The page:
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Mind Your Language

I am using this blog to further some points about language, etiquette and politeness I've been raising (and been attacked for) online today.

I should clarify that I raised this point via Welsh language, however it applies, and I've experienced it across a variety of languages. I will discuss Welsh in detail later on as that if anything is bound to raise most discussion (or rocks, virtual or otherwise)

I believe that it is rude, either in 'real life' or in the virtual world to respond to, and carry on a conversation in another language to that which the conversation has been in so far. Case in point, a Facebook discussion on the new episode of Sherlock in relation to a friend's status was taking place in English last night. This morning that conversation had been continued but in Welsh. I read that as rude. Myself and the other English speakers involved in that discussion were now excluded from the conversation as it existed. This is the same principle as having a conversation in a group, in English and (we'll continue for arguments sake here) 3 of those participants suddenly beginning to speak in Welsh. The remaining members of that conversation are excluded from continuing a discussion they had previously been participating in.

Now this isn't some kind of dogmatic 'everyone speak English' approach. If we stay in the online world, on Facebook I have friends whose first language is, and who therefore post in a wide variety of languages Welsh, Dutch, Spanish, French, German and Mandarin to name those that spring to mind. If I choose yes I can use translation software to see what they are saying, yes then I can choose to respond, but if I did I would always preface with a 'forgive me for answering in English' type response because I feel rude not being able to respond in the given language of the conversation. Mostly if I status is in a language I don't speak I wouldn't respond however. If we extend the social media beyond Facebook to Twitter Tumblr and other areas that my fannish interests take me, of course there are a wide range of languages and I love that globally we communicate this freely. However again, if I were having a discussion with shall we say online acquaintances (ie people I may not know in the real world) and the language we were talking in was English and suddenly two of the group started talking in Spanish, knowing not everyone in the discussion spoke the language, again this is rude and excluding people. Luckily actually such Fannish groups are largely very self aware in terms of politeness and conventions so its not something I've encountered.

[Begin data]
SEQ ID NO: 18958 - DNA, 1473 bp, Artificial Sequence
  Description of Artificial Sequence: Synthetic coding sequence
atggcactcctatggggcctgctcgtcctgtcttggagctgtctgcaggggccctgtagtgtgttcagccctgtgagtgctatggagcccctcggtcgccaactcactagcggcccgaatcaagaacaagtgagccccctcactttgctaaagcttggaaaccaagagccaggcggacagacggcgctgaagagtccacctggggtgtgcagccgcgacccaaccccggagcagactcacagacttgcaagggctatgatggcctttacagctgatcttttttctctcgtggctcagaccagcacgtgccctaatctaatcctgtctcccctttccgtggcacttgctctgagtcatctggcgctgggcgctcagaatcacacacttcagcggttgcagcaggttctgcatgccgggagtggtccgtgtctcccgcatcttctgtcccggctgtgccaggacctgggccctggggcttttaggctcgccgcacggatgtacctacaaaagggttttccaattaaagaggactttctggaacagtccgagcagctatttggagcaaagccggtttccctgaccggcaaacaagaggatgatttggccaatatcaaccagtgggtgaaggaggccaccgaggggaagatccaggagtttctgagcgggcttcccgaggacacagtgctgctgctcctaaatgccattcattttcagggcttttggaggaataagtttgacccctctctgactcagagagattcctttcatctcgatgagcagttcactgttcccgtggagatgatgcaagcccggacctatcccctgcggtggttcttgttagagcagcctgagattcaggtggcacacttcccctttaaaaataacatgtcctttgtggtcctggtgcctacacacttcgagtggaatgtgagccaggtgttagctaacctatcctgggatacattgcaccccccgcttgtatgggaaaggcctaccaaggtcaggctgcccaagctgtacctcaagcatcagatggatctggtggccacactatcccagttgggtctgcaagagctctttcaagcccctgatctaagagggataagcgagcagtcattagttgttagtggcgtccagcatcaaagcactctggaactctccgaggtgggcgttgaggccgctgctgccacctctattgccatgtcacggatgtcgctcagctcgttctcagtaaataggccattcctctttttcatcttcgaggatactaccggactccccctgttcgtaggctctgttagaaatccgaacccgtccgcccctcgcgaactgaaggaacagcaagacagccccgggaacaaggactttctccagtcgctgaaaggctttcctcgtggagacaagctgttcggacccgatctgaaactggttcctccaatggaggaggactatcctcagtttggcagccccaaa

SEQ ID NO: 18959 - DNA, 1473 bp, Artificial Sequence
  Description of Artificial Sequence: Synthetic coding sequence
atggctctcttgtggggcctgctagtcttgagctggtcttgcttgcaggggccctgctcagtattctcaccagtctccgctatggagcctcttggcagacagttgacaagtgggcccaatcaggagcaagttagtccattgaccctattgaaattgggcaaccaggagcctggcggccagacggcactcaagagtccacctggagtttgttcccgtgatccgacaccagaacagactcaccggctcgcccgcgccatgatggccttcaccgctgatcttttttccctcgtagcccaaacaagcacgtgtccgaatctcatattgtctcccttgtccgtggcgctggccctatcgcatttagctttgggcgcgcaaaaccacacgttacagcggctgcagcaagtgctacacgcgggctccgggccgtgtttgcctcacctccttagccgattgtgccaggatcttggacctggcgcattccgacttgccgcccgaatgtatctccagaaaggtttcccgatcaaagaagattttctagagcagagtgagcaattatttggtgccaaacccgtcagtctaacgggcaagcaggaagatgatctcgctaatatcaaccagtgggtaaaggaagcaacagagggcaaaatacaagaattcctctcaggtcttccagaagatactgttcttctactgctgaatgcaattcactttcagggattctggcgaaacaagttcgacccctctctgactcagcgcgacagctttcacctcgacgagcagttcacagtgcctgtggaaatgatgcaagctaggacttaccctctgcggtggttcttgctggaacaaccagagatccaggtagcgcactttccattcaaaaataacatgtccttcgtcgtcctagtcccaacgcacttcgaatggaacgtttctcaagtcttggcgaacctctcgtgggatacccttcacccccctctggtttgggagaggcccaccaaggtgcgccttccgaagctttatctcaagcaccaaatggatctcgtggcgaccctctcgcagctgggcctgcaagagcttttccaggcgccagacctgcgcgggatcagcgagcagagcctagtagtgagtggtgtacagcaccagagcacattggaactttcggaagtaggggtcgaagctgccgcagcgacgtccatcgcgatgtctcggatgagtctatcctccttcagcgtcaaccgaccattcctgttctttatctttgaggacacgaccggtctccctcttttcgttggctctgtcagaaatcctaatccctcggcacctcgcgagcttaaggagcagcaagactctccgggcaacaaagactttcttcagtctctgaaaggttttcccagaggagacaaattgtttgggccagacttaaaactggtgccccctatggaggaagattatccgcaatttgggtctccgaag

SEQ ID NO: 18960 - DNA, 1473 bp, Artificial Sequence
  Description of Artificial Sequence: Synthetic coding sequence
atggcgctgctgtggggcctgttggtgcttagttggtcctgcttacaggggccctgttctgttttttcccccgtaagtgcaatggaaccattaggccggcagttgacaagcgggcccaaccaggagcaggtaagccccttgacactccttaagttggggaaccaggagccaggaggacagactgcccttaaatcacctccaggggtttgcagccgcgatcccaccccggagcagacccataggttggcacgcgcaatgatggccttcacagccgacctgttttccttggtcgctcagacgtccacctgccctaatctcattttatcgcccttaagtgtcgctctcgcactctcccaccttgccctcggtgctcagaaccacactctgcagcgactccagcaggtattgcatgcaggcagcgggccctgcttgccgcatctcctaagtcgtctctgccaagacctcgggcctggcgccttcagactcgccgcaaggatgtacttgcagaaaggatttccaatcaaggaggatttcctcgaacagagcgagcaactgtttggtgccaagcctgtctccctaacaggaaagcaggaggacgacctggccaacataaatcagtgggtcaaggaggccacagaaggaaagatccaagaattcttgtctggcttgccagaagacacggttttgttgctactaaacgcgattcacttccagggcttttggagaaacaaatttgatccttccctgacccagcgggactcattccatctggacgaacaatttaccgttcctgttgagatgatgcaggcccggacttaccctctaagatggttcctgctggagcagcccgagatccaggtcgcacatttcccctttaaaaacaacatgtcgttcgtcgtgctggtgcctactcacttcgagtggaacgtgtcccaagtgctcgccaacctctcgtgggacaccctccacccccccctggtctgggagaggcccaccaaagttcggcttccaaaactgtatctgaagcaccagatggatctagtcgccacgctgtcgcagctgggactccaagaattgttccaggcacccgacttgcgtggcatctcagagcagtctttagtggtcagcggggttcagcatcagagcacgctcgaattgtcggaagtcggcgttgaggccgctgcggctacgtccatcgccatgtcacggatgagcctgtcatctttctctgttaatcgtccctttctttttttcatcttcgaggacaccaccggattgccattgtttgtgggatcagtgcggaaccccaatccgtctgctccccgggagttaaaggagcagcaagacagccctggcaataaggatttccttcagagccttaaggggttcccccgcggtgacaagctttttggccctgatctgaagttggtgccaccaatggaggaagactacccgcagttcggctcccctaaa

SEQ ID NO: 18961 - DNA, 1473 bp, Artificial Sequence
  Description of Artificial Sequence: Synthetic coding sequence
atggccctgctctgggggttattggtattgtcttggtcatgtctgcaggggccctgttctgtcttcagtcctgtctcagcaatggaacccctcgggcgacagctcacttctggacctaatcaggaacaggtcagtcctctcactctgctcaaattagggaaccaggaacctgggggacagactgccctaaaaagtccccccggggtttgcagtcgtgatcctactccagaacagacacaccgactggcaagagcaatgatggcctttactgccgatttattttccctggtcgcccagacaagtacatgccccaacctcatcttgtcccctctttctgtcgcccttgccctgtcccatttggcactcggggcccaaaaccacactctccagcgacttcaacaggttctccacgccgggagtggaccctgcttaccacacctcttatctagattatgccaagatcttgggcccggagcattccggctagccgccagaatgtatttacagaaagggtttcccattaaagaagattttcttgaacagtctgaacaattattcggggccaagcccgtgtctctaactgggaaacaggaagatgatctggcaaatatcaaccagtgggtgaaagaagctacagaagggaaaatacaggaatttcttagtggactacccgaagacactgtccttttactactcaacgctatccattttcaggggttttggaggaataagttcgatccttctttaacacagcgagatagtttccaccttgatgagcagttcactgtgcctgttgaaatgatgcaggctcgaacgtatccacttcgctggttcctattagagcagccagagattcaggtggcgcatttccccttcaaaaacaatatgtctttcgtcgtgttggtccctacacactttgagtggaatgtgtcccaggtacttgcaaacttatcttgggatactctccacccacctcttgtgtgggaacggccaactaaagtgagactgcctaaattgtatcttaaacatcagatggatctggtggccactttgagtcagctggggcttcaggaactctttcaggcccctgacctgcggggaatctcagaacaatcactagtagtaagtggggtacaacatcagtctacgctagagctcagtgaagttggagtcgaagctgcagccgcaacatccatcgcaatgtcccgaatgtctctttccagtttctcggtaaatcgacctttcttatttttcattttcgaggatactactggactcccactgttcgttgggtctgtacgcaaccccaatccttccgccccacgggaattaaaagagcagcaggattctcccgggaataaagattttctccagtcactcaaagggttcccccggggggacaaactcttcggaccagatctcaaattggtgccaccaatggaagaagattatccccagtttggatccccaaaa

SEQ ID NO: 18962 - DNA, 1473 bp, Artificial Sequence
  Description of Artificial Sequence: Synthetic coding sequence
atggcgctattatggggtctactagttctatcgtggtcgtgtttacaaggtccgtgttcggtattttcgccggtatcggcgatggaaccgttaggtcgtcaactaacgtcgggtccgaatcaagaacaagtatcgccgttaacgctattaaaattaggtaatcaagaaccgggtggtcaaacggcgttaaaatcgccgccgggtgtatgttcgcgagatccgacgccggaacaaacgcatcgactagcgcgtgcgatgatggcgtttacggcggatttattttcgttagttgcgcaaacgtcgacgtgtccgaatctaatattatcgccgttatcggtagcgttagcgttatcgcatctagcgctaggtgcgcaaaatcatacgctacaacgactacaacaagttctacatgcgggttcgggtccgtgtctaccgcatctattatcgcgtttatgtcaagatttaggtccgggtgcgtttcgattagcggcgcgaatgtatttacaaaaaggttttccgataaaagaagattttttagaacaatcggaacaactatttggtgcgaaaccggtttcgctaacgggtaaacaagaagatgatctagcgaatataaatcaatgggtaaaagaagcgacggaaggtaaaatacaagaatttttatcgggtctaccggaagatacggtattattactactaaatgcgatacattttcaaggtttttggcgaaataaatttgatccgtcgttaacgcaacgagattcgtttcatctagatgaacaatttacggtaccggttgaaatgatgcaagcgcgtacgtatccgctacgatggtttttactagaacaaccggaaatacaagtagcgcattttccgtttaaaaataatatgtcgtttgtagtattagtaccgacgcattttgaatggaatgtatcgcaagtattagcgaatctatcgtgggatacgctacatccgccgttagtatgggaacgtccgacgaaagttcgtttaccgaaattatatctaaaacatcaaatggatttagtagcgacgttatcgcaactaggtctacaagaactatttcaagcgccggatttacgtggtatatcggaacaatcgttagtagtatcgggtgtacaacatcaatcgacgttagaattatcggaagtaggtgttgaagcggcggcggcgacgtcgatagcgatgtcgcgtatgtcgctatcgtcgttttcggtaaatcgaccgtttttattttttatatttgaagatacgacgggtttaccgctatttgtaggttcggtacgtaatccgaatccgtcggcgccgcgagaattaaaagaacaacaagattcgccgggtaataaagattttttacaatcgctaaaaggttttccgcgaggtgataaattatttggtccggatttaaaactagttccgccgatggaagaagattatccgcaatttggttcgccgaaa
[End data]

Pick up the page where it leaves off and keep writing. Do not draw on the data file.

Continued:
This experience isn't limited to the virtual world, where we can debate how different rules apply online. However it happens in real life also. I cannot count the number of times I have been in a group of people or in a work environment and people have started talking in another language. Mostly again due to geography at present that is Welsh. Again it's rude. If I was talking to someone in French and a friend sat down who I knew didn't speak French, and the other person I was with spoke English also, I would switch back to English to allow everyone in the group to now participate in the conversation. It's a matter of simple politeness.

Talking of French it's interesting that in a year of living in French speaking Quebec I only encountered a similar experience once, with a total stranger. Every other Francophone encounter I has was understanding and accommodating to my relatively poor French. Likewise I have sat with Spanish friends who when slipping into Spanish with one another have apologized and quickly translated to catch me up. This is how you deal with bilingual conversation in an inclusive manner.

I also have infinite patience with those learning English, and therefore struggling to converse in it. I've helped fellow PhD students whose first language isn't English with their work/translation and find it admirable that they can work to such a high level in another language. And in return some politeness within language is fair I believe. In our shared office, we politely made a point that in general conversation English should be spoken as a rule (there were at this point 3 or 4 native tongues) while people understandably want to speak in their most comfortable language, there are also social rules and conventions to be observed, if speaking in front of a room full of people, it's polite that room knows what you're saying. Not least because if you don't you assume the worst-that somehow you're being talked about!

Now I must give some time to Welsh generally, because if I'm going to be attacked for this blog I may as well say some of this now as later! I am born and bred in  Wales, (I actually consider myself British rather than Welsh but that's a technicality for another day) I speak what can only be deemed "basic" Welsh. I have no problem with Welsh, I wish I could speak more of it but I don't. I was a generation that didn't get taught it at school and frankly I suck at languages anyway. I respect the fight for and rights of the Welsh language, but I expect curtosty in return. I do not expect to be told I am 'disrespectful' for not speaking Welsh or even told I 'have no right' to work in a certain place because I am not a Welsh speaker.

The political debates around Welsh language are not mine to have, or if they are they are for another day. It's all about politeness, a little given and take, a little live and let live. Which is all I meant when I pointed out that changing the language of a conversation mid way was rude.

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